Oh, No Shame On You, Mom
|   Sep 05, 2016
Oh, No Shame On You, Mom

“Oh no, look at me, Didi, I'm so fat!”

The words were enough to leave me frozen in my tracks and halt whatever I was doing! More so, because they were coming from my six year old niece as she pinched her dress at her waist to tighten it and stuck her tummy out in an almost pregnant manner, imitating what I'm positive she had watched an adult do. 

“Who told you you're fat??” I asked, appalled, trying to regroup my thoughts. 

Wasn't this a totally unnecessary thought process for a little child? Especially since she wasn't overweight at all. Whatever ‘fat’ she was seeing was a figment of her imagination. 

Nobody told me. But look, I can see. My tummy is so fat.” She repeated sticking her tummy out as far as possible, to comic proportions. This was both equal parts hilarious and worrisome. 

“You are a growing child. You are going to keep growing taller and your weight will distribute itself all over your body. Grown ups put on weight because they can't grow any taller. So whatever extra calories they eat collects on their body as fat,” I offered lamely, trying my best to pacify her. 

Now, I am completely in favour of teaching our children about good nutrition and the importance of everyday exercise. But that day I realized something more. 

As parents, we have become extremely careful about how we talk to our children. Our generation is now more politically correct than ever before. 

No more raising our hands; no more name calling; no more threats. We are conscious of the fact that we should say or do nothing that can emotionally hurt or scar our children. 

However, what we forget to do is display the same sensitivity towards our own selves. 

What we teach our children and how we treat them is only a fraction of what they become. A major part of their personality is shaped by example. By what they see happening around them. What we do, is far more important than what we say. 

And that includes the way we feel and talk about 

ourselves. Because that sinks into their subconscious. And then manifests itself in the way they view themselves. 

So our children literally, inherit body shaming and a lack of self confidence from us. 

We often blame the media for the unrealistic ‘size zero’ phenomenon which has undoubtedly given rise to an alarming trend of anorexia and bulimia, especially in pre-teens and teens, world over. 

And being thin isn't even good enough. Several models and film stars have often gone on record to say that they are appalled to find even their size zero bodies photoshopped to inhuman proportions. The media has glorified the false image of a ‘perfect body’ and has been selling this illusion since years.

However this is only compounded at home when we carelessly toss comments like,

“I've  put on so much weight”

“I overate at lunch, I should skip dinner”


“I look so fat in this dress”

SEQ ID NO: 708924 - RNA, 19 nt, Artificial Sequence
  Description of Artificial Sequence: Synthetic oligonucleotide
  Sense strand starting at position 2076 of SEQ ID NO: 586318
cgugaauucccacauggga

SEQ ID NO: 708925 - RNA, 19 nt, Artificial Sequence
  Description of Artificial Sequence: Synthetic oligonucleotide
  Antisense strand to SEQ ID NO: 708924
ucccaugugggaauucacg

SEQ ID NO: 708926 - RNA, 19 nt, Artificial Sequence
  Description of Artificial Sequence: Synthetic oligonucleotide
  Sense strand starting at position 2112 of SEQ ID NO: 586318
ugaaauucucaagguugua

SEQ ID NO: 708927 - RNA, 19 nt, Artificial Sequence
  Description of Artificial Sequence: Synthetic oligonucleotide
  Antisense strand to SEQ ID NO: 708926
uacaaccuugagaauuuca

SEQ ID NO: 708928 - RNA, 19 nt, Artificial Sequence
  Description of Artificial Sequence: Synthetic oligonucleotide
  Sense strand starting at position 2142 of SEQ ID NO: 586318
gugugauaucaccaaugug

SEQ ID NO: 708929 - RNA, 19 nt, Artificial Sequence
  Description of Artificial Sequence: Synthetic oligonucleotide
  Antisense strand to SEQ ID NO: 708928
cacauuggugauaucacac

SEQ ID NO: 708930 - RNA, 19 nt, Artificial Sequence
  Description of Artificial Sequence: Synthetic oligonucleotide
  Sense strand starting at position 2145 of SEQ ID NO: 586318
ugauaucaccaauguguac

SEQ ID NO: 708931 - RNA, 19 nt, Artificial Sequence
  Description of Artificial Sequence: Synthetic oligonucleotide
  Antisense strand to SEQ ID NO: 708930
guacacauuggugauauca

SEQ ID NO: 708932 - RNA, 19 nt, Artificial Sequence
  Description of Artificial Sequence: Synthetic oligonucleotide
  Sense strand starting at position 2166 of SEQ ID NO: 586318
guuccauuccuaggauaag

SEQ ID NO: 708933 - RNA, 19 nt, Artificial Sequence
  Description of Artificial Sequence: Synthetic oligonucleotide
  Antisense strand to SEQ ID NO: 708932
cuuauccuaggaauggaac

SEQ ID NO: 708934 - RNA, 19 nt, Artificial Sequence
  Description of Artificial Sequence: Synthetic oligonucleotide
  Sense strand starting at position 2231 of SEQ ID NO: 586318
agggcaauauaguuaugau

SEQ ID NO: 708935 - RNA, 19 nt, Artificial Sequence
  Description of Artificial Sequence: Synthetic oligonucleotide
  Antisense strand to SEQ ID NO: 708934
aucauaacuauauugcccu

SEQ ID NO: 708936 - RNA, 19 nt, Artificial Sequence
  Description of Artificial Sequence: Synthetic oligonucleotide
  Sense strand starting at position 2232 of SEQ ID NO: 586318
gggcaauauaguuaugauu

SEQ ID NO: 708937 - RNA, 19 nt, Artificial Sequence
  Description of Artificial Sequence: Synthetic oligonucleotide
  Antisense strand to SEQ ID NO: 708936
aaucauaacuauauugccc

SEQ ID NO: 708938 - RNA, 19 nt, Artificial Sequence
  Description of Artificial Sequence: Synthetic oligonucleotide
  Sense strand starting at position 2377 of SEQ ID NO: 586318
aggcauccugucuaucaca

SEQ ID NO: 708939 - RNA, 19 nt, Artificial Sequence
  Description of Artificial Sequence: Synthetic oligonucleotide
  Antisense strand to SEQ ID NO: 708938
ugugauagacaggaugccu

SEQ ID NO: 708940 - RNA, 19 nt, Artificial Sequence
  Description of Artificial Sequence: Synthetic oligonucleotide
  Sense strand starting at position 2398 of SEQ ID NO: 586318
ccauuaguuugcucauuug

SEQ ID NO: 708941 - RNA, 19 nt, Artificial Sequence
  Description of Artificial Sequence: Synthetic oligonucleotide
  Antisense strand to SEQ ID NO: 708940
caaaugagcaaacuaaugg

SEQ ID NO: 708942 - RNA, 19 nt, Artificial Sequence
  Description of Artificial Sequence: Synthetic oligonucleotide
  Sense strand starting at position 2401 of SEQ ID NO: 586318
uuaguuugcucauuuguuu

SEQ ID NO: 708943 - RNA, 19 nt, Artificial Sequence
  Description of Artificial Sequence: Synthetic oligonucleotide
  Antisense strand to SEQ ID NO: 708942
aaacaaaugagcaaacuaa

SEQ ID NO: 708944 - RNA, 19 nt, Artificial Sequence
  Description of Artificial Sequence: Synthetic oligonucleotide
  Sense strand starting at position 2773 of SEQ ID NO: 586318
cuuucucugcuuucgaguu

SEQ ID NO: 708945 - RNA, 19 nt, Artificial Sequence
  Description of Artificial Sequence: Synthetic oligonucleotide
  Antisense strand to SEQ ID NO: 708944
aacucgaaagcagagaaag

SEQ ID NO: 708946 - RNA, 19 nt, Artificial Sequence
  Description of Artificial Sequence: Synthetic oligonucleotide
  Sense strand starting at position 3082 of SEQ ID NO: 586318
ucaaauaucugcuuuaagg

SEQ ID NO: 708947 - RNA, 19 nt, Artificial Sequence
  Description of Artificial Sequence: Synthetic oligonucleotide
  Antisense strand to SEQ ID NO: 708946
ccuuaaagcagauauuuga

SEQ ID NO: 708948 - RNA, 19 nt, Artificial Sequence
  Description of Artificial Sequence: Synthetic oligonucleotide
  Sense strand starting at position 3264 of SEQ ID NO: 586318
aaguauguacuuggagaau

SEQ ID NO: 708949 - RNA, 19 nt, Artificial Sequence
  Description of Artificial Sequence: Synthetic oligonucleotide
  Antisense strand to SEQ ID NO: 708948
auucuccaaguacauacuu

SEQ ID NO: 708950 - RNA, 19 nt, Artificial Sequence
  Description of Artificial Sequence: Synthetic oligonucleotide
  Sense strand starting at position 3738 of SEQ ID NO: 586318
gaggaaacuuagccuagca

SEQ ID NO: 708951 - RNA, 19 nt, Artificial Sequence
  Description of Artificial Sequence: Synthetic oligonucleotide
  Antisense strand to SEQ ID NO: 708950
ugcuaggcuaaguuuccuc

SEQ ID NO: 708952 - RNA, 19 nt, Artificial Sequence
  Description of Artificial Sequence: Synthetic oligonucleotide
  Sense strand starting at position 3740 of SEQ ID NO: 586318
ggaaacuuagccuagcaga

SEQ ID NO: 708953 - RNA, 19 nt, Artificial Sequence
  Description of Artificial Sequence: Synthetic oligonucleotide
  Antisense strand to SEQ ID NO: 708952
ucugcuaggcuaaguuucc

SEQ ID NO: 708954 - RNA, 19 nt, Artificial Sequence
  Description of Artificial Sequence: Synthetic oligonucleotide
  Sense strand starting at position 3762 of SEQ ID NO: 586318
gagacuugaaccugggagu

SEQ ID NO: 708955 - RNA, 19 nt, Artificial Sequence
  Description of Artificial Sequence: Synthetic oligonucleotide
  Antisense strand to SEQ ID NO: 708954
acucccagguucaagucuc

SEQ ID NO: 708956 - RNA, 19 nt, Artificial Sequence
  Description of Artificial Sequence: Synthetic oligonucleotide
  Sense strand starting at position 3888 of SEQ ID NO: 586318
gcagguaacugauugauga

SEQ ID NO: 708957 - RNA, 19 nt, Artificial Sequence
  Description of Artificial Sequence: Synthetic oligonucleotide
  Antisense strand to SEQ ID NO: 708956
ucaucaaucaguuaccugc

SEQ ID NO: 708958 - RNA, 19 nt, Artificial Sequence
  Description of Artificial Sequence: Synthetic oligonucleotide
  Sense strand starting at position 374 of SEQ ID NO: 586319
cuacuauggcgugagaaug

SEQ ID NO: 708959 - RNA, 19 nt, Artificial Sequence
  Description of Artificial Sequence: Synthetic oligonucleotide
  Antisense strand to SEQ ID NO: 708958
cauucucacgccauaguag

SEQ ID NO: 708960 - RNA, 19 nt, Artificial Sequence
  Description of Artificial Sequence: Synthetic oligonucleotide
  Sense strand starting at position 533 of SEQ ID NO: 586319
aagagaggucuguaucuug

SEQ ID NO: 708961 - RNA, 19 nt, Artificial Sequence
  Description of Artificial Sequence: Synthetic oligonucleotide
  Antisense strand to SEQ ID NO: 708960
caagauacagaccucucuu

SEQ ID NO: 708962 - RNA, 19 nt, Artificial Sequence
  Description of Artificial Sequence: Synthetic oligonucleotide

The message we send out to our children is clear. The media is right. Everyone should look skinny at all times. 

Today fitness is a global phenomena and fitness enthusiasts are in every household, which is a welcome and much needed change from the days when snacks were being deep fried and served in our homes everyday. The importance of healthy diet, nutrition and lifestyle is improving the quality of life and health of many. 

However on the flip side, it now is perfectly acceptable social small talk to discuss someone else's body.

“You've put on weight or you've lost weight” seem to have become perfectly normal conversation starters. What follows is that our children are growing up with this emphasis on looking thin now more than ever before. And though we all aspire for size zero it takes a wise 40 year old to finally give up and accept their own ‘flawed, media unapproved’ body type. Our teenagers are unfortunately especially vulnerable. 

So the next time we put ourselves down in the presence of our children we should try and remember that we are indirectly teaching them to do the same. Body shaming ourselves in front of them indirectly translates to body shaming them, because that is the notion that they are growing up with. 

The message we must consciously give out instead is that exercise is an integral part of our daily routine. But it's not a means of punishment for our bodies when we overindulge. Rather it should be a celebration of what our body is capable of doing everyday.  

And most importantly we are all blessed with a shape that is our own. We can alter our body type with extreme control over our diet and training. However, that requires sacrifice and is the media’s flawed version of perfection or a particular dress size really worth it? 

So for the sake of our children let's stay healthy, stay happy, accept our body... flaws and all. But most of all, let's be confident in our own skin because the one thing the media never tells us is that the most attractive look of all is self-confidence!

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